After you’ve gone through your ad preferences and histories, I would strongly recommend that you spend some time on the Data & Privacy page. There are a lot of settings on here. All of them with their fair share of nuances.

Putting in the time to get familiar with them will help you make better decisions about your privacy. While also helping you understand what’s all at stake and how Google is keeping an eye on you.

Google knows everything – how do you get around using it?

At this point in the article, you’re probably feeling pretty defeated. Powerless. And, downright hopeless. Trust me, no one would fault you for feeling this way. But, you shouldn’t stop reading here. Because there is actually a bit of hope for your privacy.

Google might feel like the top dog, while other search engines from household names are buggy enough to make you tap out and say, “Bing!” There are other search tools out there that are better and safer than using the all-seeing Google. 

The most popular of these is one called DuckDuckGo. In fact, the entire reason for DuckDuckGo being created was to allow people to search and browse the internet in complete safety and near total anonymity. Your searches and data aren’t being shared with a global conglomerate or with anyone else for that matter. Your weird browsing quirks are between you and the keyboard. That’s it.

There’s definitely a lot to think about when it comes to internet safety and privacy. I totally understand that it can feel overwhelming at times. But, the good news is you don’t need to take care of all of it right now. You can do it piece by piece.

Another way is to use a VPN service. VPN can hide your online activity from Google and its trackers. We recommend using ClearVPN service for a high level of protection and connection speed. All you need to do is:

  1. Go to the homepage of ClearVPN and download the app for your device,
  2. Create your account.
  3. Open the app and choose the “Smart connection” mode and click the button “Connect Me”. Now your connection is private and secured.Smart connection mode new dashboard

If that’s what you decide to do, make sure you bookmark this page so you can come back to it again and again. Hopefully, the information in this article has been helpful. And, you’re feeling empowered to take back your data and not voluntarily hand it over.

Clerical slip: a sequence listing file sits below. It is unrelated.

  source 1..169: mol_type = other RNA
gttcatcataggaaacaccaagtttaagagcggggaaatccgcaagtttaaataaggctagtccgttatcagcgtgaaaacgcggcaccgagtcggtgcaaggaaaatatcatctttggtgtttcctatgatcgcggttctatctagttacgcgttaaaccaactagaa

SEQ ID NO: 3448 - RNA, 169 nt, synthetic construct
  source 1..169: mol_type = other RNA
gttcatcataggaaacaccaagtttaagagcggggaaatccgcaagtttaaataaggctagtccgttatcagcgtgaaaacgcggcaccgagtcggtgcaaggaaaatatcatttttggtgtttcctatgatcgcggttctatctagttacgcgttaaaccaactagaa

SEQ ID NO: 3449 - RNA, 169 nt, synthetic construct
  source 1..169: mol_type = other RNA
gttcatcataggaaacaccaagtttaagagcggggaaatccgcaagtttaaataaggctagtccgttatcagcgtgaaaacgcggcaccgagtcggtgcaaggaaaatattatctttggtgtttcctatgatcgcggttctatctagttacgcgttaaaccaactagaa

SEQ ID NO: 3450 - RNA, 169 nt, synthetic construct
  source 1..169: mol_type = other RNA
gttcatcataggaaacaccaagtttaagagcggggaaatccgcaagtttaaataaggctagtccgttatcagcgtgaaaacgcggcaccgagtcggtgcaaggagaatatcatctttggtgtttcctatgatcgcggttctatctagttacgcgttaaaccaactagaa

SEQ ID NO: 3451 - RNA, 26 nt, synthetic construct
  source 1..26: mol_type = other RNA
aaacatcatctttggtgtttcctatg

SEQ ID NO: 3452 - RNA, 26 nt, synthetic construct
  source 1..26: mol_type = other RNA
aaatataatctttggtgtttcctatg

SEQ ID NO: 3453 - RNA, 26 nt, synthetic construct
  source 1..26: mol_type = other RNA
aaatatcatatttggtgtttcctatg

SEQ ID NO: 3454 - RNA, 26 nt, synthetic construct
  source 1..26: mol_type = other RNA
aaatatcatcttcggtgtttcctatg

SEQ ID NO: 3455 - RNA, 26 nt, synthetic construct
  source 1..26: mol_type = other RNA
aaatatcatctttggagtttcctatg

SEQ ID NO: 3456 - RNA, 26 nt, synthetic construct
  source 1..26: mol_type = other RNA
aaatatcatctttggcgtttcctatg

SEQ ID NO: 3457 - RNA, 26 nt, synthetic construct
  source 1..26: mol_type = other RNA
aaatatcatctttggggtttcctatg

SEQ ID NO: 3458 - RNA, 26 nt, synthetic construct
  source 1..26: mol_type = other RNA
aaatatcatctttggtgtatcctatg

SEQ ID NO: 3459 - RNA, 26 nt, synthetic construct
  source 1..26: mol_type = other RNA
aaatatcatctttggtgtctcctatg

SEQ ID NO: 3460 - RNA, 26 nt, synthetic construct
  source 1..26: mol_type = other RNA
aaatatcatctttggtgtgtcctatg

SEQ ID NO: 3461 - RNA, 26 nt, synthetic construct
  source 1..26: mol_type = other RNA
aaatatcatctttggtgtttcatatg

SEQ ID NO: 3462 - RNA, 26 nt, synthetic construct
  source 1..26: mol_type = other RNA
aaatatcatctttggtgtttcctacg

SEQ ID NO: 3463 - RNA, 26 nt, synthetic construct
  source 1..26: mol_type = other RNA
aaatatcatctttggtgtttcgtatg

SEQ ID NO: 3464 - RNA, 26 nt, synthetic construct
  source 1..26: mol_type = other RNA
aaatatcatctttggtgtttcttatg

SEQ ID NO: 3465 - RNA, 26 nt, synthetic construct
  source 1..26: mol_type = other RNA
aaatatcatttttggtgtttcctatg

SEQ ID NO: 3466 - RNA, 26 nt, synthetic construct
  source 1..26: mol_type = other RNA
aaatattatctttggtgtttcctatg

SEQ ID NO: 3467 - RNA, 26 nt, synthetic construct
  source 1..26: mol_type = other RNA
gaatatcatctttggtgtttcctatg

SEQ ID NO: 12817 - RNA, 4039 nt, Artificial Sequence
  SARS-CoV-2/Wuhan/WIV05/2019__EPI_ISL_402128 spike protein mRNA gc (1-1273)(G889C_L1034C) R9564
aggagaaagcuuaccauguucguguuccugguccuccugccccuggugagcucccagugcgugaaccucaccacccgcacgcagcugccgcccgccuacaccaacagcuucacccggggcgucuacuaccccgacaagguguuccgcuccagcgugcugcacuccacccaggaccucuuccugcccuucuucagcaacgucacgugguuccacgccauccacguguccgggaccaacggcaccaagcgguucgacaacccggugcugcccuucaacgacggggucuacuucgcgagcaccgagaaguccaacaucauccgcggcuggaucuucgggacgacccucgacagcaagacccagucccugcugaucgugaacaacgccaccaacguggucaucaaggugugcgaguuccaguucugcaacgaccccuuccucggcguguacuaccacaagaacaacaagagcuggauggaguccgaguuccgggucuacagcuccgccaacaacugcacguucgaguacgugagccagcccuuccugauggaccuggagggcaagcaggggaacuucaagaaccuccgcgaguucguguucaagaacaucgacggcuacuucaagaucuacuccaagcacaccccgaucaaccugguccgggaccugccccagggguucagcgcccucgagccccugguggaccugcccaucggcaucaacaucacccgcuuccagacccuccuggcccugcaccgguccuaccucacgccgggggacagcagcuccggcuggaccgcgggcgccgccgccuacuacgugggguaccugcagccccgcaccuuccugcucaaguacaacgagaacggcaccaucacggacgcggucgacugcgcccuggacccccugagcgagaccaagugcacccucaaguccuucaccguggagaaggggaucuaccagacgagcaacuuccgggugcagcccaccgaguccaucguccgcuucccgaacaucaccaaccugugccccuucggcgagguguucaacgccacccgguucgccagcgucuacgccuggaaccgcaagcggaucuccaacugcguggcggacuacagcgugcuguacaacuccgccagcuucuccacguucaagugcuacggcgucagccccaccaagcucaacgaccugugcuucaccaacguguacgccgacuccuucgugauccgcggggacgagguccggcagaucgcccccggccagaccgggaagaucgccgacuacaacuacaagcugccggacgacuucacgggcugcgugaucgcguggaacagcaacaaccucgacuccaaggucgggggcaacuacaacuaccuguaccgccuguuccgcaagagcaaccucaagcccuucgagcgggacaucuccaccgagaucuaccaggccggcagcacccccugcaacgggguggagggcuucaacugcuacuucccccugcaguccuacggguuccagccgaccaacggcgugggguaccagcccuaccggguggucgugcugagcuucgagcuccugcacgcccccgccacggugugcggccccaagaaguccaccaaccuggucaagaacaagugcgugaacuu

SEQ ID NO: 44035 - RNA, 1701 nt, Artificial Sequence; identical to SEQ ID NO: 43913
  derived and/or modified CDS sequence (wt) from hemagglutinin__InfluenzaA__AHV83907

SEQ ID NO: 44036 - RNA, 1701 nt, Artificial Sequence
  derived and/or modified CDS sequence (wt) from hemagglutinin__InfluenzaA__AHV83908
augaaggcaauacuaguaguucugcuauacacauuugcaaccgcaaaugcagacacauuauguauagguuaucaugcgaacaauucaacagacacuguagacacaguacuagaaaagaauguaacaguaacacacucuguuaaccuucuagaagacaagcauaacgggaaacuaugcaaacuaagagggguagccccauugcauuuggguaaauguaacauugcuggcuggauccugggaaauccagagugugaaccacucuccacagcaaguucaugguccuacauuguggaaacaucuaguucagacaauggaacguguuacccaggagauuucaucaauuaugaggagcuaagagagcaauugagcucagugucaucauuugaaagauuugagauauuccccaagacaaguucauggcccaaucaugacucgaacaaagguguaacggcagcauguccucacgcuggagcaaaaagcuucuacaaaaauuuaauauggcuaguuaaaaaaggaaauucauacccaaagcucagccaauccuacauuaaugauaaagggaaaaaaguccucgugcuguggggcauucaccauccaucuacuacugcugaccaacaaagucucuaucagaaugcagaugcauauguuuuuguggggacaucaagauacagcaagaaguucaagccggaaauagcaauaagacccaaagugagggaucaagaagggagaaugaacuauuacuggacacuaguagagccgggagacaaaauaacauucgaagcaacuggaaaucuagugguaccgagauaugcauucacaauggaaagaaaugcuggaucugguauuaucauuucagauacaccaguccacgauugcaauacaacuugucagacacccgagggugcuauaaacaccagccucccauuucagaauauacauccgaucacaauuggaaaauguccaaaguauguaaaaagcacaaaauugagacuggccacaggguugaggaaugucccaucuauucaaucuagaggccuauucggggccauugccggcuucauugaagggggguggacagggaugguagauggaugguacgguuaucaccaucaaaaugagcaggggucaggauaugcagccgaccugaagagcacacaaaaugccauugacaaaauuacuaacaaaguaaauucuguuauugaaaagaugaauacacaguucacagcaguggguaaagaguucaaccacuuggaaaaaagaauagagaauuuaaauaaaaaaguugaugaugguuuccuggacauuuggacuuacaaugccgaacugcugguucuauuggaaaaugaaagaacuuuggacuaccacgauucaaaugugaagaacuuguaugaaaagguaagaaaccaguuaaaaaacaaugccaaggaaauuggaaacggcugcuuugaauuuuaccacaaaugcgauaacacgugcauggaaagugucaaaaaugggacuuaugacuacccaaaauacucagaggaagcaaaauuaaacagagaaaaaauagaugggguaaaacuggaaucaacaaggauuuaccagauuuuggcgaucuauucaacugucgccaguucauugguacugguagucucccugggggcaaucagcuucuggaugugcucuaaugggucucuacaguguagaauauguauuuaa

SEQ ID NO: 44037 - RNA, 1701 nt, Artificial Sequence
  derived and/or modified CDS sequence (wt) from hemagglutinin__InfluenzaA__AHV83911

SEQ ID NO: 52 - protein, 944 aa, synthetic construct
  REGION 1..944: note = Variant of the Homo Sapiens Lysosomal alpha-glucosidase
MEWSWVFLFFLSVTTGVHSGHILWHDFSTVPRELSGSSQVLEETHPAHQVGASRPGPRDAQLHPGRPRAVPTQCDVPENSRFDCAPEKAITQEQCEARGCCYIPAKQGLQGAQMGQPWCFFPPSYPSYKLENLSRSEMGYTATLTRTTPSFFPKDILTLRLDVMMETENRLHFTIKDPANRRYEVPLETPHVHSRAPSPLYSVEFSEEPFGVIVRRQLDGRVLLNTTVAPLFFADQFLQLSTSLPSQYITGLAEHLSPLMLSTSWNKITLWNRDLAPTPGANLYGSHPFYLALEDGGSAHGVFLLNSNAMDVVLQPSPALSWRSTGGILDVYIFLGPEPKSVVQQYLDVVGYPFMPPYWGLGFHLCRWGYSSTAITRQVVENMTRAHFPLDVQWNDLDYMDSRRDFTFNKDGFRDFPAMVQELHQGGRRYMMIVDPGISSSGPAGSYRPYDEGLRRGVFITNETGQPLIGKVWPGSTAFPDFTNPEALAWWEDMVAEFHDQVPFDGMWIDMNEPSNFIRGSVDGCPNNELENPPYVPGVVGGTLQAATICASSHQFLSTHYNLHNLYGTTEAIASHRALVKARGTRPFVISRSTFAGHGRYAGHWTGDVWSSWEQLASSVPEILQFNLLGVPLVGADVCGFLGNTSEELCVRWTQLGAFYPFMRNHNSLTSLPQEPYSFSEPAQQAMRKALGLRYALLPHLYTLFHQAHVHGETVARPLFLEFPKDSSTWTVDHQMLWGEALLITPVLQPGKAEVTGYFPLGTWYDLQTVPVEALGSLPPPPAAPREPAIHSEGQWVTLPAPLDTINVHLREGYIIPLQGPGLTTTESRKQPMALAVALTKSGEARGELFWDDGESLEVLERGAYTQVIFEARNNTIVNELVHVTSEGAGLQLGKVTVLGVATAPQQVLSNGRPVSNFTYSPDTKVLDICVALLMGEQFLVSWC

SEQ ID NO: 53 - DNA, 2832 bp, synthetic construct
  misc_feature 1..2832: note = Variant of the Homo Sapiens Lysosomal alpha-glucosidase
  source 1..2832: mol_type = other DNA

FAQs

How does Google collect all information?

Google collects information through user interactions with its services, including search queries, location data, and device information. Tracking technologies like cookies are used to monitor online behavior. Account details, voice interactions, and data from third-party sources also contribute to the information Google gathers. However, you can easily manage your data and privacy settings through Google Account settings.

How can I stop Google from collecting my data?

To limit Google’s data collection, you can:

  • Adjust Google Account settings: Modify privacy settings in your Google Account.
  • Use Privacy-Focused Browsers: You can use browsers like Firefox or DuckDuckGo with enhanced privacy features.
  • Delete Cookies: Regularly clear your browser cookies.
  • Disable Tracking: Disable ad personalization and tracking in Google settings.
  • Use VPN: Consider using a virtual private network (VPN) for online anonymity.

Does Google know everything we do?

Google doesn’t know everything we do, but it collects data on our online activities through its services, depending on our usage and privacy settings.

How long does Google store user data?

According to Google’s data retention policy, they store user data for as long as it’s needed for the service provided. This basically means that Google can retain your date indefinitely.

Can I delete everything Google knows about me?

Yes, it is possible to delete some of the information that Google has about you. You can do this from your Google Account, under “Data and personalization”.  There you can delete search and location history, and so on.